Last season, redshirt freshman quarterback Maty Mauk found himself as the distant underdog in his position battle with James Franklin. This season, the position is his to lose.
Sophomore Mauk still faces competition in spring practice from redshirt freshman Eddie Printz, but the job is all but Mauk's. With that, Mauk plans on stepping up his leadership abilities along with his game.
“He recognizes the competition, of course,” coach Gary Pinkel said after Saturday’s scrimmage. “But he’s dying to be a great player.”
Mauk said his role as a leader sticks out as the main difference between spring 2013 and spring 2014.
“(I am) definitely just being more of a vocal leader,” Mauk said after the scrimmage. “I’m trying to step up a little bit and give these guys something that maybe we haven’t had for a while, and that’s just somebody out there that’s always wanting to get people going. That’s me, and I show my personality.”
Mauk gained experience last season when Franklin went down with a shoulder injury. He started four games in Franklin’s absence, going 3-1 over a difficult stretch, which included games against Florida and South Carolina.
In his final two games as a starter, Mauk showed off both his legs and his arm. Against Tennessee, Mauk rushed for 114 yards. A week later, he tied a school record, throwing five touchdowns.
After his performance last season, the eyes of the entire fan base rest on Mauk this spring, which is something he didn’t have to deal with a year ago.
“I don’t feel the pressure,” Mauk said. “Maybe a little bit, but I build off pressure. I love pressure. It’s just something I love, and it’s just going to give me that extra step that I need to make it like a game situation.”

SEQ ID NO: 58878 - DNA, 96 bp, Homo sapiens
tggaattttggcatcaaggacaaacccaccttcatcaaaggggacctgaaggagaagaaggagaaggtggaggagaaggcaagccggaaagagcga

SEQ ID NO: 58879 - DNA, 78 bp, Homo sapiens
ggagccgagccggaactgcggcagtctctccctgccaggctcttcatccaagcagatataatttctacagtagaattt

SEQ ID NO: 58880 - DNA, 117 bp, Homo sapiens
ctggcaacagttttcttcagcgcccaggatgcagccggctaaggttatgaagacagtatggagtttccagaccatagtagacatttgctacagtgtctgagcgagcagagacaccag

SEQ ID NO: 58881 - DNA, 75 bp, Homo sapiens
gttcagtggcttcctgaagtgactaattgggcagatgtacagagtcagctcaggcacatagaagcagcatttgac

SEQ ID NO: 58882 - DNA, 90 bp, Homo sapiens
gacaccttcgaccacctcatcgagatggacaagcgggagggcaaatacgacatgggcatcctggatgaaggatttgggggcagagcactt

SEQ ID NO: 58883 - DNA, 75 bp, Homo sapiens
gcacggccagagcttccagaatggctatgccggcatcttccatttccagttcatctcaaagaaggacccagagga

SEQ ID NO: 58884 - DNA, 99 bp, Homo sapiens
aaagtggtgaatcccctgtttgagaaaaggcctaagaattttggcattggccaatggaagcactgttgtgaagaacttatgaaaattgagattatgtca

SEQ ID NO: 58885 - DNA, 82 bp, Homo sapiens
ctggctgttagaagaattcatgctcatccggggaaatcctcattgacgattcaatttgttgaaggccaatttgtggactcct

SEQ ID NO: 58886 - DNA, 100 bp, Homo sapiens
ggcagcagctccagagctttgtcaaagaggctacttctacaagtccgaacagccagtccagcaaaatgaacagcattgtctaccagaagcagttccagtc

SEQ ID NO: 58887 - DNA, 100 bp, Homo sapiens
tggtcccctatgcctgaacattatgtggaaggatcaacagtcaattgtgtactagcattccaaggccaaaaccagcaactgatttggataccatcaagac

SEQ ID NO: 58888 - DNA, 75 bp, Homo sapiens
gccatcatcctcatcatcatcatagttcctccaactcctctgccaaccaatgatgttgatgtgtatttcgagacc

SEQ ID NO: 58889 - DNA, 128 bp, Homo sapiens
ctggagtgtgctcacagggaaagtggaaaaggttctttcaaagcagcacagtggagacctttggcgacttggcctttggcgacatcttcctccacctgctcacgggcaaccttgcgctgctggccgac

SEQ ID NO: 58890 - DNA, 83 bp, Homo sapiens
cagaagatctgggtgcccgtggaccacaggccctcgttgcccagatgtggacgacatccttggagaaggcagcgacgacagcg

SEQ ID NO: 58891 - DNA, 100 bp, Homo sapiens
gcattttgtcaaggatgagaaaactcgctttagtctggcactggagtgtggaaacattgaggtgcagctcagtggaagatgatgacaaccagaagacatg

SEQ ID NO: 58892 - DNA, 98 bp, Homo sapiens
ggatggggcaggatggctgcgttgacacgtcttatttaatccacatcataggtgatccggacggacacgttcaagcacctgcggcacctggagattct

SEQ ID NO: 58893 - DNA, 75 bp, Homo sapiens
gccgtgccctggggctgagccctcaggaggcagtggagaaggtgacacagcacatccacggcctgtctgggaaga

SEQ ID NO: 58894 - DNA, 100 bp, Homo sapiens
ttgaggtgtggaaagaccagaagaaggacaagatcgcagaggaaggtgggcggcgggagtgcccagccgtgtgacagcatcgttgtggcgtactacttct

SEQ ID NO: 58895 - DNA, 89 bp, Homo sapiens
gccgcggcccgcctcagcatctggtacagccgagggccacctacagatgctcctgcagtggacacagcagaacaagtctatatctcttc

That wouldn’t surprise his coach. Pinkel said Mauk rarely gets down on himself, which reminds him of former Missouri quarterback Chase Daniel.
“He’s always carried himself with a lot of confidence,” Pinkel said. “It’s just his personality, the guy’s never lacked any confidence. I guarantee you that.”
Mauk’s speed brings a different element to the position, Pinkel said.
“He brings the intangibles, and he brings the ability to run a 4.5,” Pinkel said of Mauk’s speed in the 40-yard dash.
Mauk ran six times for a total of 20 yards in Saturday’s scrimmage, the first of the spring. But both Pinkel and current-sophomore center Evan Boehm think the scrimmage format, which deemed quarterbacks down once the had been touched, didn’t provide an accurate reflection of Mauk’s scrambling abilities.
“When Brad (Smith) was here, we’d do scrimmages, and they’d tag him, he’s down, tag him, he’s down,” Pinkel said. “We’ll go play against Illinois, zoom, zoom, zoom. So all of those tags aren’t necessarily going down.”
Mauk knows what the quarterbacks behind him are going through, having experienced it himself just last year. He talks with the backups all the time, he said.
“When you’re going threes or twos, you’re going against the ones, so it’s hard to do,” he said. “Maybe there are times at the end, ‘I don’t want to be out here, it’s too hard.’ That’s where the mental stuff comes in. Eddie’s doing a great job. As long as he keeps it up, he’s a great quarterback.”
The Ohio native will get two more chances to prove himself on Faurot Field before the season opener in August. The Tigers will scrimmage Saturday before holding their annual Black & Gold Game, which is open to the public April 19.
“He wants to become a consistently high-level performer now,” Pinkel said. “That’s what he wants to do.”